soccer

Japan's golden oldie 'King Kazu' joins new team at 54

14 Comments

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Japan's golden oldie 'King Kazu' is an inspiration to the young and to the young at heart. In veteran football leagues in our part of the world, year after year our Golden Oldies are returning to the playing fields and mesmerizing fans with their jugglery, ball control, crisp passes, nutmegging stunts, and precise shooting skills. Speed may not be their forte but all other elements appear to be intact.

1 ( +1 / -0 )

the king should make optimize his skillset and experience which at this age, he is more efficient as a manager...

History is littered with superstar ex-players who wouldnt be able to coach an under 12s team, let alone a pro team.

I say just play on, King!

3 ( +3 / -0 )

the king should make optimize his skillset and experience which at this age, he is more efficient as a manager...

2 ( +2 / -0 )

Go King Kazu! Age is just a number. If you still love doing it week-in, week-out , keep going! Get some goals for the Point Getters!

Absolute legend!!

1 ( +4 / -3 )

"55 ..wow."

He's 54!

0 ( +2 / -2 )

Just give it up FFS...the last time I saw him wheeled out as a late sub, it was like Mr Burns coming on

5 ( +6 / -1 )

I've been enjoying this annual story for over a decade now, despite it becoming more ludicrous every year. This fellow signed his first professional contract in 1986. I still don't think he has forgiven the JFA for leaving him out of the 1998 World Cup and is hoping for a place in the squad for Qatar.

Signing for his brother's outfit, 'Suzuka Point Getters' just makes me smile a little more.

but I don't know how much this guy has left in the tank.

Enough for 1 minute of 1 game like last season maybe.

4 ( +4 / -0 )

descendentToday 10:24 am JST

This guy is just bringing the Japanese salaryman mindset to sports. Like your typical salaryman, he probably can't even fathom a life outside his job.

So true and normally I feel it's great to see a guy of that age still doing his thing but I don't know how much this guy has left in the tank. I hope this isn't at the expense of someone deserving of that roster spot.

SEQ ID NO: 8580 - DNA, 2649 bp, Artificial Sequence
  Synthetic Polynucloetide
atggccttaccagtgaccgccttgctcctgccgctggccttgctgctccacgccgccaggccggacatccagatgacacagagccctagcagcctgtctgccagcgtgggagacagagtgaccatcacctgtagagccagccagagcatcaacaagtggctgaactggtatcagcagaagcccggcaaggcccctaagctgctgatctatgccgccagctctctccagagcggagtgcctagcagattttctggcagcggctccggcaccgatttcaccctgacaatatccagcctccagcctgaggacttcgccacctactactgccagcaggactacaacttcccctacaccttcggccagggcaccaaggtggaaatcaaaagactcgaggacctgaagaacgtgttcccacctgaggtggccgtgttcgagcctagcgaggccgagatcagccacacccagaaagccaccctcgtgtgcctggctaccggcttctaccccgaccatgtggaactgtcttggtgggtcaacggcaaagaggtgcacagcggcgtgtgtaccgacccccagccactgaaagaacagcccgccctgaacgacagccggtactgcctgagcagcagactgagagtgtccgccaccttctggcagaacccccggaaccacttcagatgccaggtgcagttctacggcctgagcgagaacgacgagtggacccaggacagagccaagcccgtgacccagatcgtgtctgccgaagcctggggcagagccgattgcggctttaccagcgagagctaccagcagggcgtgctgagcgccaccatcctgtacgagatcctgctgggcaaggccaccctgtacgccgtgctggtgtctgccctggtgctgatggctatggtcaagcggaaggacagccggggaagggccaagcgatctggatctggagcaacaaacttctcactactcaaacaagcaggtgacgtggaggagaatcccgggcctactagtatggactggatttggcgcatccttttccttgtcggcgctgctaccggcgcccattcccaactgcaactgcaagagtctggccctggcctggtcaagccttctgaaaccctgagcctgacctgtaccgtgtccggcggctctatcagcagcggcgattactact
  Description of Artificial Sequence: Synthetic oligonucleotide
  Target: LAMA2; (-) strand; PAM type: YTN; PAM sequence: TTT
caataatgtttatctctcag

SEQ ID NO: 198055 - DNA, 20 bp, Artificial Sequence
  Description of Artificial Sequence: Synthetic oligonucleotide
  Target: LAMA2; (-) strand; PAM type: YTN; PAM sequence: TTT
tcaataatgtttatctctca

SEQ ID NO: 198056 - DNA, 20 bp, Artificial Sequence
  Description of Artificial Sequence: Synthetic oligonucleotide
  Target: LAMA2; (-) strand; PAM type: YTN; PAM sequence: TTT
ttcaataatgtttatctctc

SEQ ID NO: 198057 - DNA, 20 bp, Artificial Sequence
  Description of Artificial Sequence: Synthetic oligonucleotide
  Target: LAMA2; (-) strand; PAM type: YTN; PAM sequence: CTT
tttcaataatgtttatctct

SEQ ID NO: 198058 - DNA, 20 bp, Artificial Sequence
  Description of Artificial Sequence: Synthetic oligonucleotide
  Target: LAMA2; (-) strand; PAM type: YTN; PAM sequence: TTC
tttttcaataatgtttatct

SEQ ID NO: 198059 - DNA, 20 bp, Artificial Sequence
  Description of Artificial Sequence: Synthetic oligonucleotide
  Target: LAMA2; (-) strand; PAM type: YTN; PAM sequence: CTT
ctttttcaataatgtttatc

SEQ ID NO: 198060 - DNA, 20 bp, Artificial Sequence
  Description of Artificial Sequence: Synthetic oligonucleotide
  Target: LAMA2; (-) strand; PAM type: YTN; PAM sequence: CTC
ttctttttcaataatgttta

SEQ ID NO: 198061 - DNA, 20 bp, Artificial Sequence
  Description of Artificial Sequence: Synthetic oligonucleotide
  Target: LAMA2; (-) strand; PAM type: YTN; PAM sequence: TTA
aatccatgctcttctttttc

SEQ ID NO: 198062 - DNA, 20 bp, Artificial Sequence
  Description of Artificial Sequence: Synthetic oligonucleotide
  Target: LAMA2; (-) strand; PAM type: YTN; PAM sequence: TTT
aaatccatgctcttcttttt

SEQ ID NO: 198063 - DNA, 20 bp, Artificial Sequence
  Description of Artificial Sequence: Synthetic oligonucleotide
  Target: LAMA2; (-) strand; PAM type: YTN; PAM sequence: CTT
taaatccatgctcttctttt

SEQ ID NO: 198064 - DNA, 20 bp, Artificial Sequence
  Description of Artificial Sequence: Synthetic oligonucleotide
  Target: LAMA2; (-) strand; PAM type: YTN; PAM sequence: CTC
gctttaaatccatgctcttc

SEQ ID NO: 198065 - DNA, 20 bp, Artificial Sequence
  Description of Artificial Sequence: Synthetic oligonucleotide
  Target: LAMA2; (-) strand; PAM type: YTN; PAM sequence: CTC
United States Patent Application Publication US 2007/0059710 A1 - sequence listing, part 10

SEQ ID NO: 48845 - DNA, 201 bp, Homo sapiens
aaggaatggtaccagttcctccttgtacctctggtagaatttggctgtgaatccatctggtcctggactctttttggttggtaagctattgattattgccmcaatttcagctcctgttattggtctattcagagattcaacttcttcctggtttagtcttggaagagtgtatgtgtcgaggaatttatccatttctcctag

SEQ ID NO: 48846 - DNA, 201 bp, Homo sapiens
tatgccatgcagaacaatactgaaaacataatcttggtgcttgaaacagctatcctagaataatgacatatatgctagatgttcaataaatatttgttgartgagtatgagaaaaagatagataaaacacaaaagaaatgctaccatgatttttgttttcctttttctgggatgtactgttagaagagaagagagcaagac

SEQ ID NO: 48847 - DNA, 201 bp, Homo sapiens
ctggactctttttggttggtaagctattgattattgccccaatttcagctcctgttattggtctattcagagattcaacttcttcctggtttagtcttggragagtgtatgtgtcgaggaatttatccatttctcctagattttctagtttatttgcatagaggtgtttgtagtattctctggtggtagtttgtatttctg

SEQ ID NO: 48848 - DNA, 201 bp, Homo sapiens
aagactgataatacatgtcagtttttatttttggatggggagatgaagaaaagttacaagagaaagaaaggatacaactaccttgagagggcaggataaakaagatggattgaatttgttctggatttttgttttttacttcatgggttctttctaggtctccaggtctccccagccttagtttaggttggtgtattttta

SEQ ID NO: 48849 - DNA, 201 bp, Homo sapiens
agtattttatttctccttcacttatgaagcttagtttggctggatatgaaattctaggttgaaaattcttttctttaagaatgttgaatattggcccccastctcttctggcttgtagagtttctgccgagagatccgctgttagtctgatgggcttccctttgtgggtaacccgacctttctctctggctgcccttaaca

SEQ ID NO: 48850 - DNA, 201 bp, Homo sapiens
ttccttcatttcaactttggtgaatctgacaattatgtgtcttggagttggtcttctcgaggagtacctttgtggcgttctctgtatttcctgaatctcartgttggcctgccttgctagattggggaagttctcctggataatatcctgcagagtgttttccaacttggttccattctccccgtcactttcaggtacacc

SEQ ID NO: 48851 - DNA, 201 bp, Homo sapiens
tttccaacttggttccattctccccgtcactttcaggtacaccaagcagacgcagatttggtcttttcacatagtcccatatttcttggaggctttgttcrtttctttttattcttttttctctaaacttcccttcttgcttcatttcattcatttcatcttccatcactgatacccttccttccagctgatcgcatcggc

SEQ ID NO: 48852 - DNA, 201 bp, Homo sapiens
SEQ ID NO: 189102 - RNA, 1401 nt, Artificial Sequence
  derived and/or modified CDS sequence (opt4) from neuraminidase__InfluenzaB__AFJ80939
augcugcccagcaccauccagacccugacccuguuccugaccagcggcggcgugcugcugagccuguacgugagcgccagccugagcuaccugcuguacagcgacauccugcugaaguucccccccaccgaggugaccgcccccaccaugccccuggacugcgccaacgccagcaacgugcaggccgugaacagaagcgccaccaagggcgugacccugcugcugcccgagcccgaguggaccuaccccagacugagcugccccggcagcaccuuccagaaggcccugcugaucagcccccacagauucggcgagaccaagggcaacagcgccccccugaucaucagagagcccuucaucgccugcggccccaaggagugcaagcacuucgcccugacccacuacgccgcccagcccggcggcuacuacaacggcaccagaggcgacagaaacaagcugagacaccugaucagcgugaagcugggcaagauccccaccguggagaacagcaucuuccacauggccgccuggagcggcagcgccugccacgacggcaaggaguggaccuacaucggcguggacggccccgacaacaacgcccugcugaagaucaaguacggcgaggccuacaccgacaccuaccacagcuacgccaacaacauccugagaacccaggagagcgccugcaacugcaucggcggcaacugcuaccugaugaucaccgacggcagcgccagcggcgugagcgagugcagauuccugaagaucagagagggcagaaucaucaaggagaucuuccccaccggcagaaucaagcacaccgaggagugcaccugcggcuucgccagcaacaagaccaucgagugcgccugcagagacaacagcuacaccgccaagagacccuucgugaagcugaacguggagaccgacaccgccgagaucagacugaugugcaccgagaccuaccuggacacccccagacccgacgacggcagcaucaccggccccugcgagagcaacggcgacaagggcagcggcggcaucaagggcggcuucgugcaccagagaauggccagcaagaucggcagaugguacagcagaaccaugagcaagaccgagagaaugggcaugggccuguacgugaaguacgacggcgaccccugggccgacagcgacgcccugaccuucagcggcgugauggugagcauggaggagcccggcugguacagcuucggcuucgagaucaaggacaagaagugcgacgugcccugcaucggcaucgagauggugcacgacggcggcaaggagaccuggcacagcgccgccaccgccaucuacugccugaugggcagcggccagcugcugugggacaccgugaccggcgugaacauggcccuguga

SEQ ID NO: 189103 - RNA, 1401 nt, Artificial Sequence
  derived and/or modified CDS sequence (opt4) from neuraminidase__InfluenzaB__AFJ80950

1 ( +3 / -2 )

If he was still doing it for a J1 or J2 team then fair enough, but the 4th tier is basically Sunday league as someone above already wrote.

I kind of feel sorry for the team he ends up playing with now because it just becomes a bit of a freak show.

4 ( +6 / -2 )

History has shown that "quitting" is not part of the mind-set produced by Japanese cultural influences and often results in lamentable consequences. I hope Kazu's last gasp attempt to stay on stage ends well for him 'cos football is not rock 'n' roll and Kazu's no Mick Jagger.

-2 ( +3 / -5 )

This guy is just bringing the Japanese salaryman mindset to sports. Like your typical salaryman, he probably can't even fathom a life outside his job.

3 ( +6 / -3 )

Played 1 minute last year just to keep his record going. Now joins a "Sunday league" team for publicity. He isn't really" playing" but has a love for the game which is hard to beat.

He made his Japan debut in 1990 and was famously left out of his country's squad for their first World Cup finals appearance in 1998,

This was a disgrace. Japan could have used his level head and experience.

5 ( +8 / -3 )

55 ..wow.

4 ( +5 / -1 )

I like you Kazu but I think it is time to retire

0 ( +5 / -5 )

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